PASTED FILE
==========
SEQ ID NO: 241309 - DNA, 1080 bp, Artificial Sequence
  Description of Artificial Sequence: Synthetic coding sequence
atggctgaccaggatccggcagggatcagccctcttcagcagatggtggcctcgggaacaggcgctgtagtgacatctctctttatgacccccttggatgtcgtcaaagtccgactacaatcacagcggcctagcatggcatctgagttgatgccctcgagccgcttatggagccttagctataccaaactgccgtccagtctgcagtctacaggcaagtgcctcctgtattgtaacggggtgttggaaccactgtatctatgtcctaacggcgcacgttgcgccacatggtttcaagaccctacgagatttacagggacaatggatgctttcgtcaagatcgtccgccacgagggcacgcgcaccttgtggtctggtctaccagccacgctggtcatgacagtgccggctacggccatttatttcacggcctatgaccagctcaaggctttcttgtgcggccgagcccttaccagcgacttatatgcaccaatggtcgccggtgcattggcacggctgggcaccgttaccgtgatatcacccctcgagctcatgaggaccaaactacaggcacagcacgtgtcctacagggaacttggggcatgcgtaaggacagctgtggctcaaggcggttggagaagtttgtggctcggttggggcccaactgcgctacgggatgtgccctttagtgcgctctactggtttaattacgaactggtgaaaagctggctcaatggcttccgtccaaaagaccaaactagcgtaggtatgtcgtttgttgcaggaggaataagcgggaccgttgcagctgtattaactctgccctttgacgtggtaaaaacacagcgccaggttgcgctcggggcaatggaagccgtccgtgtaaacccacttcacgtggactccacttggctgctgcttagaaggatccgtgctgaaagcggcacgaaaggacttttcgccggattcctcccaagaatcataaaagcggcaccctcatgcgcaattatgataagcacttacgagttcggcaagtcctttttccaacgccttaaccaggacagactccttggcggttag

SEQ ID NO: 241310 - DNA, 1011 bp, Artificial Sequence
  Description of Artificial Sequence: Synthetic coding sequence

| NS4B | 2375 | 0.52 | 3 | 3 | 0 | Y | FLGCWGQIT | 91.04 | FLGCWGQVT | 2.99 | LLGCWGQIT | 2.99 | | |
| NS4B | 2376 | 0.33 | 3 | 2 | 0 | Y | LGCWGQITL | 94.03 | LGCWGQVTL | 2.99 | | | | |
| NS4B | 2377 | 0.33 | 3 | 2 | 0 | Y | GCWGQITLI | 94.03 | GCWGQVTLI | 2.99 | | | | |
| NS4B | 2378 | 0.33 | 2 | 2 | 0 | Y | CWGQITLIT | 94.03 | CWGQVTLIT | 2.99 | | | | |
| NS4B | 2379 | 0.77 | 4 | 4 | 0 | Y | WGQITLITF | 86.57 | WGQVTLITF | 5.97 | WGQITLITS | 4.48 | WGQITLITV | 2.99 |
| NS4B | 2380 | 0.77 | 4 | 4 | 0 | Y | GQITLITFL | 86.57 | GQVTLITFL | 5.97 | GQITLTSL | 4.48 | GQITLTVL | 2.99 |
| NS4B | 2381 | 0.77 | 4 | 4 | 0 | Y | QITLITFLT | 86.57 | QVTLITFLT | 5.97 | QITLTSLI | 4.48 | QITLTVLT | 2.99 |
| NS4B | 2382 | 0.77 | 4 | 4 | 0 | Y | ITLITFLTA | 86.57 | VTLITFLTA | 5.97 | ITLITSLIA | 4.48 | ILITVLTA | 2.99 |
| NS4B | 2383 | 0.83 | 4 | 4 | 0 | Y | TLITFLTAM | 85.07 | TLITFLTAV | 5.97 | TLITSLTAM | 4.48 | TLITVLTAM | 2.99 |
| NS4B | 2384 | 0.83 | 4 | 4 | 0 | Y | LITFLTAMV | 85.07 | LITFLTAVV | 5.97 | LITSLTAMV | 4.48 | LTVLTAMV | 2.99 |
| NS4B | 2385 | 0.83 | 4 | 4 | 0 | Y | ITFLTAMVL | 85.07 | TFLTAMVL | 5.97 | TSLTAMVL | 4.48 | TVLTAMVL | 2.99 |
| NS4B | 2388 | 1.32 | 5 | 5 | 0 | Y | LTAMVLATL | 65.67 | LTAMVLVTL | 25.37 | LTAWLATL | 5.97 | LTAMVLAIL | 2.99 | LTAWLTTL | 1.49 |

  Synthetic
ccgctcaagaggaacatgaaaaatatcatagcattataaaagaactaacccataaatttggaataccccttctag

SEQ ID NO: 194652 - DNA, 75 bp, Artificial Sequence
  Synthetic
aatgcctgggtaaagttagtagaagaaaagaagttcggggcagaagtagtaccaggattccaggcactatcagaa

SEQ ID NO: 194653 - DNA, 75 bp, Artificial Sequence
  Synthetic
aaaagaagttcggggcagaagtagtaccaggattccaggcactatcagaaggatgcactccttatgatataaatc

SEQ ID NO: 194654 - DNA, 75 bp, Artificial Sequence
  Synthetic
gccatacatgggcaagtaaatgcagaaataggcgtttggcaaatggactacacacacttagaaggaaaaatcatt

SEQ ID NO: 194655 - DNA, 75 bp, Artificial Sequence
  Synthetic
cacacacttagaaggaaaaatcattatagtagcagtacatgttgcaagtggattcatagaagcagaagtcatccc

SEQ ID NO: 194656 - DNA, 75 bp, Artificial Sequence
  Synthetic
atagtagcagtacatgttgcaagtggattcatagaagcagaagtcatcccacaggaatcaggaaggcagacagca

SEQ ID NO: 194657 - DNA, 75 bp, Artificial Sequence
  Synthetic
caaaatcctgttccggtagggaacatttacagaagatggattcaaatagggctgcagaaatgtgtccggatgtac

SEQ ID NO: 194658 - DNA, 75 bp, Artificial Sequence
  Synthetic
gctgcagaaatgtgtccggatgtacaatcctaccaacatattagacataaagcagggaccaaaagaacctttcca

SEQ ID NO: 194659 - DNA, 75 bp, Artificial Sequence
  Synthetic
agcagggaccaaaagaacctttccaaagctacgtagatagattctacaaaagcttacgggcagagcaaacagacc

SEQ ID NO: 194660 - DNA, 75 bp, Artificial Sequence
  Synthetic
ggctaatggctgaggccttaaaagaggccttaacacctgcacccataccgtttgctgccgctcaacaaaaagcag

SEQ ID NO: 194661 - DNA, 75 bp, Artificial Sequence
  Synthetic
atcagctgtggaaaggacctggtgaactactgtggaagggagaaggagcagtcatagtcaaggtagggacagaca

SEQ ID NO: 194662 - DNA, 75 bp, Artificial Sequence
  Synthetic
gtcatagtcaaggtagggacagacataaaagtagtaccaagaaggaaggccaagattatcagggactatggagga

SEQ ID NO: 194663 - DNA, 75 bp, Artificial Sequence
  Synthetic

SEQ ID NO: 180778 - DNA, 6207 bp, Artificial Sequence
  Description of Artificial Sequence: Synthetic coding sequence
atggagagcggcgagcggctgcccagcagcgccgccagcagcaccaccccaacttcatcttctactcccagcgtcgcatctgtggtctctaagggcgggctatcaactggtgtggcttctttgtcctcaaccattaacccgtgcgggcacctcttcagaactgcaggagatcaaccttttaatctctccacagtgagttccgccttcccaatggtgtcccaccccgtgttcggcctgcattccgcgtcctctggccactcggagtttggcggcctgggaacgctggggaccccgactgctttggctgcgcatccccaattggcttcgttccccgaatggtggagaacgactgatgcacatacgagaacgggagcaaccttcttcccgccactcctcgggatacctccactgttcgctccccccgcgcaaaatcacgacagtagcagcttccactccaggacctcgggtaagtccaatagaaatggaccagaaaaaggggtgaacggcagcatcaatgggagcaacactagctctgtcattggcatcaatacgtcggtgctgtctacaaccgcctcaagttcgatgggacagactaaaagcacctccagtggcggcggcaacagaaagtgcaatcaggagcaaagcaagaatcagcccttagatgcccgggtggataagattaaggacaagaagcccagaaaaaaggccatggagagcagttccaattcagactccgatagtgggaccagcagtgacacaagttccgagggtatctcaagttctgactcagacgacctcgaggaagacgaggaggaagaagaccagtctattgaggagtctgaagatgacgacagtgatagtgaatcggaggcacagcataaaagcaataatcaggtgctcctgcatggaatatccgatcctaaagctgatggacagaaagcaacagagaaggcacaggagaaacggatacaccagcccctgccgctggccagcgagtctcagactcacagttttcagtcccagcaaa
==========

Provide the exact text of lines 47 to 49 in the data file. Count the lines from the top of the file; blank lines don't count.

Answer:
SEQ ID NO: 194661 - DNA, 75 bp, Artificial Sequence
  Synthetic
atcagctgtggaaaggacctggtgaactactgtggaagggagaaggagcagtcatagtcaaggtagggacagaca